Rebecca Lolosoli

Rebecca Lolosoli is featured in the second night of Half the Sky: Turning Oppression into Opportunity for Women Worldwide.


Rebecca Lolosoli is the matriarch of the Umoja Women's Village in Kenya and an advocate for women's rights.

Growing up as a member of the Samburu tribe, Lolosoli attended primary school and then nursing school but dropped out early due to a lack of money to pay for school fees. She married at the age of 18 and then started her own business selling goods. As she learned of women who had been raped by British soldiers training nearby, she began to speak up to help them. In retaliation, neighborhood men beat her, and when her husband did not protest the beatings, she left him.

Lolosoli, along with several other women who were also survivors of violence, established the Umoja Women's Village, which means unity in Swahili. To sustain themselves, they sell beadwork and open up their village as a tourist attraction. With the money they have earned, they built a school for their children and those in surrounding villages and eventually purchased the land they live on.

Because the area is prone to drought, Lolosoli and her village have worked to decrease their reliance on cattle, which often die or are stolen during such weather conditions. They now have a chicken coop, which provides both income and protein to the women and children in the village.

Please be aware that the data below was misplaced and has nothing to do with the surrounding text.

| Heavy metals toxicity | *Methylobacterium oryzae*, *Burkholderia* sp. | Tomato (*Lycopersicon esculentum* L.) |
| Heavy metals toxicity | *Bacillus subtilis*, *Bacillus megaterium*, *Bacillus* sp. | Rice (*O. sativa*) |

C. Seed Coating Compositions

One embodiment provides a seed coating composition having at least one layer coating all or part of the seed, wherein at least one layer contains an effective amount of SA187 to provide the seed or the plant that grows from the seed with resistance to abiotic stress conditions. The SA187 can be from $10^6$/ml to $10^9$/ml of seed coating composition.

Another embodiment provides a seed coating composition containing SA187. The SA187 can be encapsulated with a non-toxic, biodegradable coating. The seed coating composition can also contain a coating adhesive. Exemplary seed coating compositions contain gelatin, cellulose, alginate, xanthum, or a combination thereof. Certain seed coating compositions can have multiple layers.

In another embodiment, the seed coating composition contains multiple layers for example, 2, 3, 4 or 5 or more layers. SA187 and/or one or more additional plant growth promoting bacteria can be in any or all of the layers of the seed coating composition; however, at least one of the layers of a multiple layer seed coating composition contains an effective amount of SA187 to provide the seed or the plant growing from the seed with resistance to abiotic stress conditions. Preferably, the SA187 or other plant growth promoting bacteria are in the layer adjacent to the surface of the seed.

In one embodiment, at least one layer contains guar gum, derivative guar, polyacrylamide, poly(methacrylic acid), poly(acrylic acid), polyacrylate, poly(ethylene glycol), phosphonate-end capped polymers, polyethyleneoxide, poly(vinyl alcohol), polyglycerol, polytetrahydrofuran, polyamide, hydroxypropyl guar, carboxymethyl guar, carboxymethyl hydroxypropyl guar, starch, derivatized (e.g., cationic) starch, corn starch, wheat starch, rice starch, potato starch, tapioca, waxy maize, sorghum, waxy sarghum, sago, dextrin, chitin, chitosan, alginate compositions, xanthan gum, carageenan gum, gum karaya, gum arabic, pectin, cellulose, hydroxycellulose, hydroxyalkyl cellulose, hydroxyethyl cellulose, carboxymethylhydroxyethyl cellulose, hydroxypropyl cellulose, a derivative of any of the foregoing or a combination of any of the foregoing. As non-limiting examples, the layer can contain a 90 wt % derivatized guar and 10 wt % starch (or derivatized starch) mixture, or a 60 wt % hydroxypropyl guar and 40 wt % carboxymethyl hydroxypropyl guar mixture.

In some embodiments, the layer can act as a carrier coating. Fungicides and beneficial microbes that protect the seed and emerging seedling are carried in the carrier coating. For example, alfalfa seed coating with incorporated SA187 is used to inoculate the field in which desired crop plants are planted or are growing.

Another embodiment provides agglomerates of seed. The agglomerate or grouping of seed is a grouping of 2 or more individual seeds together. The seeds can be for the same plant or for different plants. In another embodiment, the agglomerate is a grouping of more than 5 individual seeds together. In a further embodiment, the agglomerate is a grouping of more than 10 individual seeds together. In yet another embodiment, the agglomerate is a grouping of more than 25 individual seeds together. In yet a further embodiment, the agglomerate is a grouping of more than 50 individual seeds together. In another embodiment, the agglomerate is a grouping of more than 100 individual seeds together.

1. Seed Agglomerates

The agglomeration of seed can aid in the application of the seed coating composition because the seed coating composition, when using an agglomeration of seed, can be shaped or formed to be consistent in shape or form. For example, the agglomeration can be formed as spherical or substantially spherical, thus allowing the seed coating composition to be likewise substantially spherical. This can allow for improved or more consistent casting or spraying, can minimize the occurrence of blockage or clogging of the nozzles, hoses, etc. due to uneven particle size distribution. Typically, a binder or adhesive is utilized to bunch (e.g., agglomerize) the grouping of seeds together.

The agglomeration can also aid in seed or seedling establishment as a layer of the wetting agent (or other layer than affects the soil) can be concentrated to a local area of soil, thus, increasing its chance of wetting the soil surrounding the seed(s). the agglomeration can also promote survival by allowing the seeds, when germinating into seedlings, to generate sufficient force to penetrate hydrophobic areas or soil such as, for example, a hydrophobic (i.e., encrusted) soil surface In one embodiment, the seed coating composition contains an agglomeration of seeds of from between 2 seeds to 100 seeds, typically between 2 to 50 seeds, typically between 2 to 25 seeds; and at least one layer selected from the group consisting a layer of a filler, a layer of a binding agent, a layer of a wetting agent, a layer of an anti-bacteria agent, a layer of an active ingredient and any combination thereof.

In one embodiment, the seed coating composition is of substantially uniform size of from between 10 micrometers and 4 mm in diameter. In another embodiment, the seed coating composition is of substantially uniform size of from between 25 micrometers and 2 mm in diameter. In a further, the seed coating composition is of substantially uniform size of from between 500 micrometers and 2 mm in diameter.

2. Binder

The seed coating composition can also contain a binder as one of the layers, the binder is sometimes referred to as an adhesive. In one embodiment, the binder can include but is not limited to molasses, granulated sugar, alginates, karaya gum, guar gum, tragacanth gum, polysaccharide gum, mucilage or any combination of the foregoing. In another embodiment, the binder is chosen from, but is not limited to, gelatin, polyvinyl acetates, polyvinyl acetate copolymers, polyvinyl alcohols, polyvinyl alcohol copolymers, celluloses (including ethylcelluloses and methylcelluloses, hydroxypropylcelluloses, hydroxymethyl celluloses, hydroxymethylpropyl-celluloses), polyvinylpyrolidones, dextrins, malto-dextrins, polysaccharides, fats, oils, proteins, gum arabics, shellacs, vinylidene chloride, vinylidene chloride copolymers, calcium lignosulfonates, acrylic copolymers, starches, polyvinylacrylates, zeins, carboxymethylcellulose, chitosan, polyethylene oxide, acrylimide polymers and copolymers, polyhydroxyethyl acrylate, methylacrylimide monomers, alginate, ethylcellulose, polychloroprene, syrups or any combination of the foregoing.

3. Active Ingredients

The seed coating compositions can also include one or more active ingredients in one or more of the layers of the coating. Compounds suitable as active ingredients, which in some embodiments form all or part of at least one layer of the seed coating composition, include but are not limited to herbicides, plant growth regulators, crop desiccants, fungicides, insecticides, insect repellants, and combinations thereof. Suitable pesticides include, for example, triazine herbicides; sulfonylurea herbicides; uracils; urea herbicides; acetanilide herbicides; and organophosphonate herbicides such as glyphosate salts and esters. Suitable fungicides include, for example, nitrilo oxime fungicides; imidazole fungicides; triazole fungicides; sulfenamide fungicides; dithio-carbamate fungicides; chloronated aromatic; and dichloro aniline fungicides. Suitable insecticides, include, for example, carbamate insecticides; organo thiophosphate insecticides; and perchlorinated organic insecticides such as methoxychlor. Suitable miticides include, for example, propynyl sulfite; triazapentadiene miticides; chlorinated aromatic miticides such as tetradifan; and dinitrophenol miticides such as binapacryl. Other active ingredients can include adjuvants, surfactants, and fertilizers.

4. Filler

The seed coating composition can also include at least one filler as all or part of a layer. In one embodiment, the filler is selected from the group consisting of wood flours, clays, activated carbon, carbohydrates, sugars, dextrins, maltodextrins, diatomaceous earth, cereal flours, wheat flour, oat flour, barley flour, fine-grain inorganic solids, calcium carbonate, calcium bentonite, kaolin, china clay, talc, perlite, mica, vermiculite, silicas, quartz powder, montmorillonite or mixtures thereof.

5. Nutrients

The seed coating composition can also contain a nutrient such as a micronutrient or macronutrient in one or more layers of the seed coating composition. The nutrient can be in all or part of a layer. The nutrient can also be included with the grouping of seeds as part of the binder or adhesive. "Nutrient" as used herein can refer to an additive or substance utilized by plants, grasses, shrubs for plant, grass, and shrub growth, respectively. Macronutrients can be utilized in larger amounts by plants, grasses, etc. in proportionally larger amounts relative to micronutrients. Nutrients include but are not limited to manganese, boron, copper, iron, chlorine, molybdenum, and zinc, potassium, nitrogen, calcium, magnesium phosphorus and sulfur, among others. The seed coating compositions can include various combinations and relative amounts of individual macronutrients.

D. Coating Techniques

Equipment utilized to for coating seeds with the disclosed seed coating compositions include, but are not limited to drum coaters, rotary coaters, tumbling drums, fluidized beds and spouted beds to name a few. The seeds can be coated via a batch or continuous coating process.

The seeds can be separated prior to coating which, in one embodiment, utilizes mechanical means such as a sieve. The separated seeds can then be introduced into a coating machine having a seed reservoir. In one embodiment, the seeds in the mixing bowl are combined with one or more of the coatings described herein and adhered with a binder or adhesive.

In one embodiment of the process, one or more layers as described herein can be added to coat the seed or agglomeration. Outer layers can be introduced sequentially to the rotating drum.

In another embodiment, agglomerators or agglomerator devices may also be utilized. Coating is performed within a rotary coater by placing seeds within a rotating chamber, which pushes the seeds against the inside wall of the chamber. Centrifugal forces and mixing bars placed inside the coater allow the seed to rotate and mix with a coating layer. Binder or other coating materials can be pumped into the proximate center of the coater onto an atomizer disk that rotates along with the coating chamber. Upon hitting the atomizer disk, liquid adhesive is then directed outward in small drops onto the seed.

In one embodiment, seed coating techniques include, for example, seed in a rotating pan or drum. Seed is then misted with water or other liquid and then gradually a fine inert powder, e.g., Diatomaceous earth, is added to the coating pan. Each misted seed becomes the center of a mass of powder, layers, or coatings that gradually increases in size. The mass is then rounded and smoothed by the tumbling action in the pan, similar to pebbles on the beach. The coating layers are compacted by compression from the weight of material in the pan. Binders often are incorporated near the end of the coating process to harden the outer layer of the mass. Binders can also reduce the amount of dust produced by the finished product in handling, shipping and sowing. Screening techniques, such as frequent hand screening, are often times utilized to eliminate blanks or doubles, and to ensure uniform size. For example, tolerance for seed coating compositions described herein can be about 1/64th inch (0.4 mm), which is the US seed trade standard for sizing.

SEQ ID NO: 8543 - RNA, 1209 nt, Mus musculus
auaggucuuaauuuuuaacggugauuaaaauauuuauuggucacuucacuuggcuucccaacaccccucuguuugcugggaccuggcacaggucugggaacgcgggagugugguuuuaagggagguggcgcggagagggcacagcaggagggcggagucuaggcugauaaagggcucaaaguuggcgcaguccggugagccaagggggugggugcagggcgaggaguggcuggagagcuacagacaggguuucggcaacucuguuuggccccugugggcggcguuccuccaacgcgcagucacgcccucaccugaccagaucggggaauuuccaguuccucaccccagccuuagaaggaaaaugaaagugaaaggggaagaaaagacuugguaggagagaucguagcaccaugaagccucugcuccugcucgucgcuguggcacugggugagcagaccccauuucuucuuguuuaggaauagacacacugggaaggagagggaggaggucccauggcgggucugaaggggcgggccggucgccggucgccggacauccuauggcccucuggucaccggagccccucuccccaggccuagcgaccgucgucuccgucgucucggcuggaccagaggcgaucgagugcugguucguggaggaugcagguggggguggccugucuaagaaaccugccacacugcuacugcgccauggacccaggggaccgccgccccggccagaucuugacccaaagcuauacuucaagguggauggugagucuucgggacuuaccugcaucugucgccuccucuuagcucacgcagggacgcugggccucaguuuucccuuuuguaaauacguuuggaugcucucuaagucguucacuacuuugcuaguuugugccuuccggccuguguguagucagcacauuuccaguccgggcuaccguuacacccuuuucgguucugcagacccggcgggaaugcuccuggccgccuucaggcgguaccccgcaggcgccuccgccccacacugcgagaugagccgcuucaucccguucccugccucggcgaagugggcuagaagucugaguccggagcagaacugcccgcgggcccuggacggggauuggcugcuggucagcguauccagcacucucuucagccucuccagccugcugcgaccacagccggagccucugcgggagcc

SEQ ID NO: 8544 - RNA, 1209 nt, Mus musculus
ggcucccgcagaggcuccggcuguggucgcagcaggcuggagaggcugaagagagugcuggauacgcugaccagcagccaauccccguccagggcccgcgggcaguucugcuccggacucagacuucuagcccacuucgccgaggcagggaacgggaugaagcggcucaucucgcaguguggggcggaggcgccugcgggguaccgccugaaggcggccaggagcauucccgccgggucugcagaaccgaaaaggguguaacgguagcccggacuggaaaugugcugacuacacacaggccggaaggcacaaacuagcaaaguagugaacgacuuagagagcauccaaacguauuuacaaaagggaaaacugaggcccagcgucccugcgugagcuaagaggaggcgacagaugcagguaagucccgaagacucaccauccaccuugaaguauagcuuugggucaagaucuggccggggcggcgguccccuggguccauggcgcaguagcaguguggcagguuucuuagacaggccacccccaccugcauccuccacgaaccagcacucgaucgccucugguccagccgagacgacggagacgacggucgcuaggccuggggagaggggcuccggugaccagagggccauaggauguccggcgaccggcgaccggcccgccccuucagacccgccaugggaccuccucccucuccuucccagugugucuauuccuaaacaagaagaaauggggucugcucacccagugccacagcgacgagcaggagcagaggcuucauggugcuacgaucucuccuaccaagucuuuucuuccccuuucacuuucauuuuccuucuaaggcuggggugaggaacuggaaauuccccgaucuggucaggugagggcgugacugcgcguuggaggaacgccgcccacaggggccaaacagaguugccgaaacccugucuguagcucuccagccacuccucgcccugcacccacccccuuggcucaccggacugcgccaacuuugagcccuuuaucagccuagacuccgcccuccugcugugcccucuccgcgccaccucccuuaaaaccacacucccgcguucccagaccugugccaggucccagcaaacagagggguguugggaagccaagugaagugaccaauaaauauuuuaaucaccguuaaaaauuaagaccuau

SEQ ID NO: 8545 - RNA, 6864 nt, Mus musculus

Lolosoli has been repeatedly elected as chairperson of the village and is also chair of her local chapter of Maendeleo Ya Wanawake Organization (MYWO), a nonprofit, voluntary group working to improve the lives of women and youth in Kenya. Lolosoli received the Global Leadership Award from Vital Voices in 2010. She continues to fight for a woman's right to make decisions, own land and run a business, and she works tirelessly to end harmful and unsafe cultural practices and violence against women.

She plans to run for local office and will be the first Samburu woman ever to do so. 

Want to help?

Purchase the traditional, beaded jewelry handmade by the women of Umoja, Kenya, a woman-only village founded by Rebecca Lolosoli. The village was established for survivors of violence as a refuge — a place for women to sustain themselves through their traditional beadwork. The funds they raise through their jewelry help support community projects. With money they earned in the past, they bought the land they now live on and built a school for their children and those in surrounding villages. They are currently raising funds for scholarships for the young girls of Umoja, teachers' salaries, a fresh water project, and more.